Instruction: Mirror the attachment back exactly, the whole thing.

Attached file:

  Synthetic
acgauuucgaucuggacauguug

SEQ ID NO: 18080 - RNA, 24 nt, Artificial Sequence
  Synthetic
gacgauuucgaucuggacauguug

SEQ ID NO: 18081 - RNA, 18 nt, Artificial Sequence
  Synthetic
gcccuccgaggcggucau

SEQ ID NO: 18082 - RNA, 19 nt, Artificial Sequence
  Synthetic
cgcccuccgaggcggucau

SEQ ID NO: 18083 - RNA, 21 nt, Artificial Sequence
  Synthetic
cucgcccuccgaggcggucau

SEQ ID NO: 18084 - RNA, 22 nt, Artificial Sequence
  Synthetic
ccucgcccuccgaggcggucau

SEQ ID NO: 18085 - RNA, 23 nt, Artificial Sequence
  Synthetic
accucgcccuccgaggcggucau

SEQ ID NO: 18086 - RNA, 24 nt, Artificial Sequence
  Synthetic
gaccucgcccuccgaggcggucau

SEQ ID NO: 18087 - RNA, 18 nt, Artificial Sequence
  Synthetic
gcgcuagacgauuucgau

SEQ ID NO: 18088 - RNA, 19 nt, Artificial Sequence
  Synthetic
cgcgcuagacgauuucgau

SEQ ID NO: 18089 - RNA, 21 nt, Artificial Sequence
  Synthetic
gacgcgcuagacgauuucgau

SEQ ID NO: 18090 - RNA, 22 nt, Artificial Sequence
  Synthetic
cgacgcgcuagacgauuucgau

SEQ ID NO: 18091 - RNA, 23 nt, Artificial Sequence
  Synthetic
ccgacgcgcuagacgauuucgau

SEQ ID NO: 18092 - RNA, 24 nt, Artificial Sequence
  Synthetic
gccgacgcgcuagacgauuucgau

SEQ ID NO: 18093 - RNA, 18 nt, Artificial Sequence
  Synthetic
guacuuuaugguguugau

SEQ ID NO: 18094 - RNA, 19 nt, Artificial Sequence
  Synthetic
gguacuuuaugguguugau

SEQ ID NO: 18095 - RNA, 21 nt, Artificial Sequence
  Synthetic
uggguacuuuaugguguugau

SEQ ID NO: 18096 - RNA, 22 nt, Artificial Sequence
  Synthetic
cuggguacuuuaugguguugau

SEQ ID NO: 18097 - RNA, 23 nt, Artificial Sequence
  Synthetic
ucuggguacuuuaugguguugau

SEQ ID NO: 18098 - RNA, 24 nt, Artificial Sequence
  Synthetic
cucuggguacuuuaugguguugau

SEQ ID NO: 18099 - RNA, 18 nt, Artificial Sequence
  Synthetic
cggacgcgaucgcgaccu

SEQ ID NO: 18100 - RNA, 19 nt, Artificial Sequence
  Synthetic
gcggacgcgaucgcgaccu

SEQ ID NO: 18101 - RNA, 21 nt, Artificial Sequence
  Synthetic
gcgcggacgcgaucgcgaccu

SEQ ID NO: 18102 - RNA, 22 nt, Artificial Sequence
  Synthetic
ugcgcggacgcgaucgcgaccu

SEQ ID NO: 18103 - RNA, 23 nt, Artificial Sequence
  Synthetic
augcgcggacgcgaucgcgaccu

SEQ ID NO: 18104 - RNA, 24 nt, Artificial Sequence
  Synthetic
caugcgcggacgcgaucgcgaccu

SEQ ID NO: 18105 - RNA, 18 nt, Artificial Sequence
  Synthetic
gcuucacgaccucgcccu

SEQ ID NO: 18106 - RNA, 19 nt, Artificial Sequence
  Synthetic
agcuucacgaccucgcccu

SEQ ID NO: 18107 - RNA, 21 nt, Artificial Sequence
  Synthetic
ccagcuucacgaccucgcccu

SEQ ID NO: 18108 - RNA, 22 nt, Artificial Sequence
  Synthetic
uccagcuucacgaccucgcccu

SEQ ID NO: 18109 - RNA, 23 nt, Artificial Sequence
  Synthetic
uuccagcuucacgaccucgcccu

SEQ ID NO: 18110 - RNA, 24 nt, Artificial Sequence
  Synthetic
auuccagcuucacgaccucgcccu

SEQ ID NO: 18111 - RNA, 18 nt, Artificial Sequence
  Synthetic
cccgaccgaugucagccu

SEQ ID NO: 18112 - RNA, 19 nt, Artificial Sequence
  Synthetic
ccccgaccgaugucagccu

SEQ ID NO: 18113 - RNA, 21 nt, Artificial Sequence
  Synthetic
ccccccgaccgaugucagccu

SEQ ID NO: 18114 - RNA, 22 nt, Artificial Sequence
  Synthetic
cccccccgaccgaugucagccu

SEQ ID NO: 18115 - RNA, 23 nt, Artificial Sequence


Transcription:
  Synthetic
acgauuucgaucuggacauguug

SEQ ID NO: 18080 - RNA, 24 nt, Artificial Sequence
  Synthetic
gacgauuucgaucuggacauguug

SEQ ID NO: 18081 - RNA, 18 nt, Artificial Sequence
  Synthetic
gcccuccgaggcggucau

SEQ ID NO: 18082 - RNA, 19 nt, Artificial Sequence
  Synthetic
cgcccuccgaggcggucau

SEQ ID NO: 18083 - RNA, 21 nt, Artificial Sequence
  Synthetic
cucgcccuccgaggcggucau

SEQ ID NO: 18084 - RNA, 22 nt, Artificial Sequence
  Synthetic
ccucgcccuccgaggcggucau

SEQ ID NO: 18085 - RNA, 23 nt, Artificial Sequence
  Synthetic
accucgcccuccgaggcggucau

SEQ ID NO: 18086 - RNA, 24 nt, Artificial Sequence
  Synthetic
gaccucgcccuccgaggcggucau

SEQ ID NO: 18087 - RNA, 18 nt, Artificial Sequence
  Synthetic
gcgcuagacgauuucgau

SEQ ID NO: 18088 - RNA, 19 nt, Artificial Sequence
  Synthetic
cgcgcuagacgauuucgau

SEQ ID NO: 18089 - RNA, 21 nt, Artificial Sequence
  Synthetic
gacgcgcuagacgauuucgau

SEQ ID NO: 18090 - RNA, 22 nt, Artificial Sequence
  Synthetic
cgacgcgcuagacgauuucgau

SEQ ID NO: 18091 - RNA, 23 nt, Artificial Sequence
  Synthetic
ccgacgcgcuagacgauuucgau

SEQ ID NO: 18092 - RNA, 24 nt, Artificial Sequence
  Synthetic
gccgacgcgcuagacgauuucgau

SEQ ID NO: 18093 - RNA, 18 nt, Artificial Sequence
  Synthetic
guacuuuaugguguugau

SEQ ID NO: 18094 - RNA, 19 nt, Artificial Sequence
  Synthetic
gguacuuuaugguguugau

SEQ ID NO: 18095 - RNA, 21 nt, Artificial Sequence
  Synthetic
uggguacuuuaugguguugau

SEQ ID NO: 18096 - RNA, 22 nt, Artificial Sequence
  Synthetic
cuggguacuuuaugguguugau

SEQ ID NO: 18097 - RNA, 23 nt, Artificial Sequence
  Synthetic
ucuggguacuuuaugguguugau

SEQ ID NO: 18098 - RNA, 24 nt, Artificial Sequence
  Synthetic
cucuggguacuuuaugguguugau

SEQ ID NO: 18099 - RNA, 18 nt, Artificial Sequence
  Synthetic
cggacgcgaucgcgaccu

SEQ ID NO: 18100 - RNA, 19 nt, Artificial Sequence
  Synthetic
gcggacgcgaucgcgaccu

SEQ ID NO: 18101 - RNA, 21 nt, Artificial Sequence
  Synthetic
gcgcggacgcgaucgcgaccu

SEQ ID NO: 18102 - RNA, 22 nt, Artificial Sequence
  Synthetic
ugcgcggacgcgaucgcgaccu

SEQ ID NO: 18103 - RNA, 23 nt, Artificial Sequence
  Synthetic
augcgcggacgcgaucgcgaccu

SEQ ID NO: 18104 - RNA, 24 nt, Artificial Sequence
  Synthetic
caugcgcggacgcgaucgcgaccu

SEQ ID NO: 18105 - RNA, 18 nt, Artificial Sequence
  Synthetic
gcuucacgaccucgcccu

SEQ ID NO: 18106 - RNA, 19 nt, Artificial Sequence
  Synthetic
agcuucacgaccucgcccu

SEQ ID NO: 18107 - RNA, 21 nt, Artificial Sequence
  Synthetic
ccagcuucacgaccucgcccu

SEQ ID NO: 18108 - RNA, 22 nt, Artificial Sequence
  Synthetic
uccagcuucacgaccucgcccu

SEQ ID NO: 18109 - RNA, 23 nt, Artificial Sequence
  Synthetic
uuccagcuucacgaccucgcccu

SEQ ID NO: 18110 - RNA, 24 nt, Artificial Sequence
  Synthetic
auuccagcuucacgaccucgcccu

SEQ ID NO: 18111 - RNA, 18 nt, Artificial Sequence
  Synthetic
cccgaccgaugucagccu

SEQ ID NO: 18112 - RNA, 19 nt, Artificial Sequence
  Synthetic
ccccgaccgaugucagccu

SEQ ID NO: 18113 - RNA, 21 nt, Artificial Sequence
  Synthetic
ccccccgaccgaugucagccu

SEQ ID NO: 18114 - RNA, 22 nt, Artificial Sequence
  Synthetic
cccccccgaccgaugucagccu

SEQ ID NO: 18115 - RNA, 23 nt, Artificial Sequence